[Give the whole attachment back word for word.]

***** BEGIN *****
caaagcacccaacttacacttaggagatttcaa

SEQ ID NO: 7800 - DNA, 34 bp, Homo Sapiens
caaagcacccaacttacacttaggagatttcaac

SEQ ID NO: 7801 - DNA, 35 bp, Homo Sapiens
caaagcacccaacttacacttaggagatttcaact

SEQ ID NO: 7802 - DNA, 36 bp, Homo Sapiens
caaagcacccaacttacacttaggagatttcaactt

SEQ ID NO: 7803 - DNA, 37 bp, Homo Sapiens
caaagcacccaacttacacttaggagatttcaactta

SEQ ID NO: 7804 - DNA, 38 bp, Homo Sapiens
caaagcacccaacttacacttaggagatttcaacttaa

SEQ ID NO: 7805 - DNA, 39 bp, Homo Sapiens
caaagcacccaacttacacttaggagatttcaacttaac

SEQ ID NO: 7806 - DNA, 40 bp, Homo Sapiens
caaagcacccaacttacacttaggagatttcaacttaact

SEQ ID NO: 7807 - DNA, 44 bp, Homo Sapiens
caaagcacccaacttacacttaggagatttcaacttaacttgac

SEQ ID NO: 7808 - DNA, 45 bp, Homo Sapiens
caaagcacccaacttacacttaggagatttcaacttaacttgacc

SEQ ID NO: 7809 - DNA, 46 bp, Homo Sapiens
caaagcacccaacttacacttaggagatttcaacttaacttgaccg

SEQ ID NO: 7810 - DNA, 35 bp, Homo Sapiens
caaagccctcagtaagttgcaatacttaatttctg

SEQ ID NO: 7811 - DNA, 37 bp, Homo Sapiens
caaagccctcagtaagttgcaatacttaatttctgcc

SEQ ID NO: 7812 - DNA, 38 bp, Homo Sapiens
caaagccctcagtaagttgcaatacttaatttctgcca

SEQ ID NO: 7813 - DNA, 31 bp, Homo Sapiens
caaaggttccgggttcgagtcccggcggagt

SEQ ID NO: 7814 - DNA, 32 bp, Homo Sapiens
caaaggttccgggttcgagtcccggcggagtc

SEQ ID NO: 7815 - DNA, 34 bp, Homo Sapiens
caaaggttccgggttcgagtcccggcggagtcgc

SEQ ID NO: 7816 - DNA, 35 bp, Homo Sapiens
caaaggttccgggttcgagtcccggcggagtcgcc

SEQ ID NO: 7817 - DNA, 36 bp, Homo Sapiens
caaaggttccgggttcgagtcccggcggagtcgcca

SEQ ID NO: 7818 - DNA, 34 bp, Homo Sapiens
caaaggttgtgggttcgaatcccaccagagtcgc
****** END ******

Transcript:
caaagcacccaacttacacttaggagatttcaa

SEQ ID NO: 7800 - DNA, 34 bp, Homo Sapiens
caaagcacccaacttacacttaggagatttcaac

SEQ ID NO: 7801 - DNA, 35 bp, Homo Sapiens
caaagcacccaacttacacttaggagatttcaact

SEQ ID NO: 7802 - DNA, 36 bp, Homo Sapiens
caaagcacccaacttacacttaggagatttcaactt

SEQ ID NO: 7803 - DNA, 37 bp, Homo Sapiens
caaagcacccaacttacacttaggagatttcaactta

SEQ ID NO: 7804 - DNA, 38 bp, Homo Sapiens
caaagcacccaacttacacttaggagatttcaacttaa

SEQ ID NO: 7805 - DNA, 39 bp, Homo Sapiens
caaagcacccaacttacacttaggagatttcaacttaac

SEQ ID NO: 7806 - DNA, 40 bp, Homo Sapiens
caaagcacccaacttacacttaggagatttcaacttaact

SEQ ID NO: 7807 - DNA, 44 bp, Homo Sapiens
caaagcacccaacttacacttaggagatttcaacttaacttgac

SEQ ID NO: 7808 - DNA, 45 bp, Homo Sapiens
caaagcacccaacttacacttaggagatttcaacttaacttgacc

SEQ ID NO: 7809 - DNA, 46 bp, Homo Sapiens
caaagcacccaacttacacttaggagatttcaacttaacttgaccg

SEQ ID NO: 7810 - DNA, 35 bp, Homo Sapiens
caaagccctcagtaagttgcaatacttaatttctg

SEQ ID NO: 7811 - DNA, 37 bp, Homo Sapiens
caaagccctcagtaagttgcaatacttaatttctgcc

SEQ ID NO: 7812 - DNA, 38 bp, Homo Sapiens
caaagccctcagtaagttgcaatacttaatttctgcca

SEQ ID NO: 7813 - DNA, 31 bp, Homo Sapiens
caaaggttccgggttcgagtcccggcggagt

SEQ ID NO: 7814 - DNA, 32 bp, Homo Sapiens
caaaggttccgggttcgagtcccggcggagtc

SEQ ID NO: 7815 - DNA, 34 bp, Homo Sapiens
caaaggttccgggttcgagtcccggcggagtcgc

SEQ ID NO: 7816 - DNA, 35 bp, Homo Sapiens
caaaggttccgggttcgagtcccggcggagtcgcc

SEQ ID NO: 7817 - DNA, 36 bp, Homo Sapiens
caaaggttccgggttcgagtcccggcggagtcgcca

SEQ ID NO: 7818 - DNA, 34 bp, Homo Sapiens
caaaggttgtgggttcgaatcccaccagagtcgc